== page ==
Fertiliser maker Yara International on Monday announced that it has signed a deal with CO₂ transport and storage supplier Northern Lights for the cross-border transportation and storage of CO₂.
The deal will see liquified CO₂, initially emitted by ammonia production processes at Yara’s Sluiskil facility in the Netherlands, shipped by Northern Lights to permanent storage on the Norwegian Continental Shelf, 2.6km under the seabed.
Yara hopes that the CCS project will cut annual CO₂ emissions from its Sluiskil plant by 800,000 tons, or 12 million tons over a 15-year period, the company said in a press statement.
Svein Tore Holsether, CEO of Yara, said: “This is a milestone for decarbonising hard-to-abate industry in Europe and for Yara it is an important step towards decarbonising our ammonia production, product lines and the food value chain at large.”
The liquefied CO₂ will initially be stored in onshore tanks at Øygarden, Norway, before being injected into an offshore saline aquifer via pipeline for permanent storage, with operations due to begin in 2025 and continue until 2040.
“This commercial agreement gives us the opportunity to further utilise the capacity at our storage site below the North Sea. It confirms the commercial potential for CCS and demonstrates that the market for transport and storage of CO₂ is evolving rapidly,” said Børre Jacobsen, managing director of Northern Lights, which is jointly owned by oil majors Equinor, Shell and TotalEnergies.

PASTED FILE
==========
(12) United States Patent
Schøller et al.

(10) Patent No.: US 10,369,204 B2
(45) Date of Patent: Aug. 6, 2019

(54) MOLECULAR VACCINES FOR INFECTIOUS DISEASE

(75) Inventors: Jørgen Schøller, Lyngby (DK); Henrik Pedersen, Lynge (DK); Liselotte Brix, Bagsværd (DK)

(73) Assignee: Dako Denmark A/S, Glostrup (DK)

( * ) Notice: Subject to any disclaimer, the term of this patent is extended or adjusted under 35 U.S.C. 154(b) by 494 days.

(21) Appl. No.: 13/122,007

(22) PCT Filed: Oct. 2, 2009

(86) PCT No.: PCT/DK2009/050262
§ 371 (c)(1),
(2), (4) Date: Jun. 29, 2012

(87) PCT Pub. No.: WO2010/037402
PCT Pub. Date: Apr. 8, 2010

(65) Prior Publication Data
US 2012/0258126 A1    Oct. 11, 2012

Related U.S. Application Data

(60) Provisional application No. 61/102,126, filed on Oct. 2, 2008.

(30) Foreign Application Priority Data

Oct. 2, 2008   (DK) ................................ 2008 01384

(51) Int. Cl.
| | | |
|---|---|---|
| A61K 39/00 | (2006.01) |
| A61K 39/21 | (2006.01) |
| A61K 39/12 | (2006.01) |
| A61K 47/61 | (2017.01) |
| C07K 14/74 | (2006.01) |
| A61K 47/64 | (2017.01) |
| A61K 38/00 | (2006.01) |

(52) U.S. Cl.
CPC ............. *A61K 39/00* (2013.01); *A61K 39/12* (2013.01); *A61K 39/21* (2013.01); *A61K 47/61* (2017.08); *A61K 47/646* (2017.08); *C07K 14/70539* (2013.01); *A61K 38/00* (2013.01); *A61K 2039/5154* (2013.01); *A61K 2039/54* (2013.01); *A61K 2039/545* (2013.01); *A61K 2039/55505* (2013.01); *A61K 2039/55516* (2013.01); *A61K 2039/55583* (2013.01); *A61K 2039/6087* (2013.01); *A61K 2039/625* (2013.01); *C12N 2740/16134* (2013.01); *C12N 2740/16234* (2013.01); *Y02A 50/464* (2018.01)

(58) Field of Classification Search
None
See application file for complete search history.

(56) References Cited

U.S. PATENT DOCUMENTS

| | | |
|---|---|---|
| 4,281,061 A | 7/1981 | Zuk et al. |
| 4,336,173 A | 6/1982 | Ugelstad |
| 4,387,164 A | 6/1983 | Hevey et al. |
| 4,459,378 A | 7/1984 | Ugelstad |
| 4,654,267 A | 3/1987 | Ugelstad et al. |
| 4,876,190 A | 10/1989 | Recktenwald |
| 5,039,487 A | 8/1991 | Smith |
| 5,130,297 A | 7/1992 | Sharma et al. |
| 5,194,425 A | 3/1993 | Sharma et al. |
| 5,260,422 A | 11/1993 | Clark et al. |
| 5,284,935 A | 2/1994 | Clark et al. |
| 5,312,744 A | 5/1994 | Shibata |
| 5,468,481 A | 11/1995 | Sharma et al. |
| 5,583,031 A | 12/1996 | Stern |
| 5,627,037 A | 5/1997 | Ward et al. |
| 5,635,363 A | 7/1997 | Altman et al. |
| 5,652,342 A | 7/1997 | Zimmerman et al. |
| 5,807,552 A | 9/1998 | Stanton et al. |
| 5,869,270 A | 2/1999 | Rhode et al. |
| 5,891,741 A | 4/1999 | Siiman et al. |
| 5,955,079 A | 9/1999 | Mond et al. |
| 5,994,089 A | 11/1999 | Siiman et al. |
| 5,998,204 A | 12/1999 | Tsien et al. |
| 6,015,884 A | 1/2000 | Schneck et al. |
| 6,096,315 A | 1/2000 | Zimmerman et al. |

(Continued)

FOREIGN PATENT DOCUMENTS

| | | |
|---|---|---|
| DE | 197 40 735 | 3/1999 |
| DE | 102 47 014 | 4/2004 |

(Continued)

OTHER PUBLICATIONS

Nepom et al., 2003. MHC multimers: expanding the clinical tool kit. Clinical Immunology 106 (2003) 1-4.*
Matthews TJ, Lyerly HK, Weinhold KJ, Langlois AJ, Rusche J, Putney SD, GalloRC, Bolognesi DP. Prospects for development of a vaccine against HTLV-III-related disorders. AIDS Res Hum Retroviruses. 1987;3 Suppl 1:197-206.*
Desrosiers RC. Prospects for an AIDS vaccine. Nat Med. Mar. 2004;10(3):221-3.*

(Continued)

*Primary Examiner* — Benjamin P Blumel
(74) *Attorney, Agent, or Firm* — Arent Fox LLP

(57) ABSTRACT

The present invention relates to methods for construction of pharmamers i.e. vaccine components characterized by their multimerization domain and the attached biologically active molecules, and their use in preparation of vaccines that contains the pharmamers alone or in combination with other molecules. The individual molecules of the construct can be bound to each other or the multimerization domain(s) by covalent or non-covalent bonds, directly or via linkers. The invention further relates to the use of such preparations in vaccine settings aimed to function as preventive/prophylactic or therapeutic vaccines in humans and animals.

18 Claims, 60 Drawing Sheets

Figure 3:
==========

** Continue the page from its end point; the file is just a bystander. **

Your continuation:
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CCS technologies are now widely regarded as essential to meeting the goals of the Paris Agreement in both climate change literature and guideline pathways by international bodies such as the International Energy Agency and the UN Intergovernmental Panel on Climate Change.
However, despite its first implementation in the late 1970s, CCS remains largely unreliable and underdeveloped on a commercial scale. Many academics agree that CCS deployment must increase dramatically if climate targets are to be met. One recent study found that if current rates of deployment continue through to 2050, the decade by which many countries have set binding targets to produce net-zero annual emissions, then global carbon storage capacity will reach just 10% of what is required to sufficiently abate industrial emissions.
The EU’s CCS strategy is due to be announced early next year in an attempt to clarify rules relating to the technology and incentive investment. Increased regulation and policy regarding CCS will be necessary if it is to be commercially scaled in a meaningful way.
On Monday, the UN Environment Programme published a report warning that the world is on track for a “hellish” 3°C rise in global temperatures by the end of this decade, twice as much as the 1.5°C maximum increase set out in the Paris Agreement, because carbon-cutting policies are so inadequate.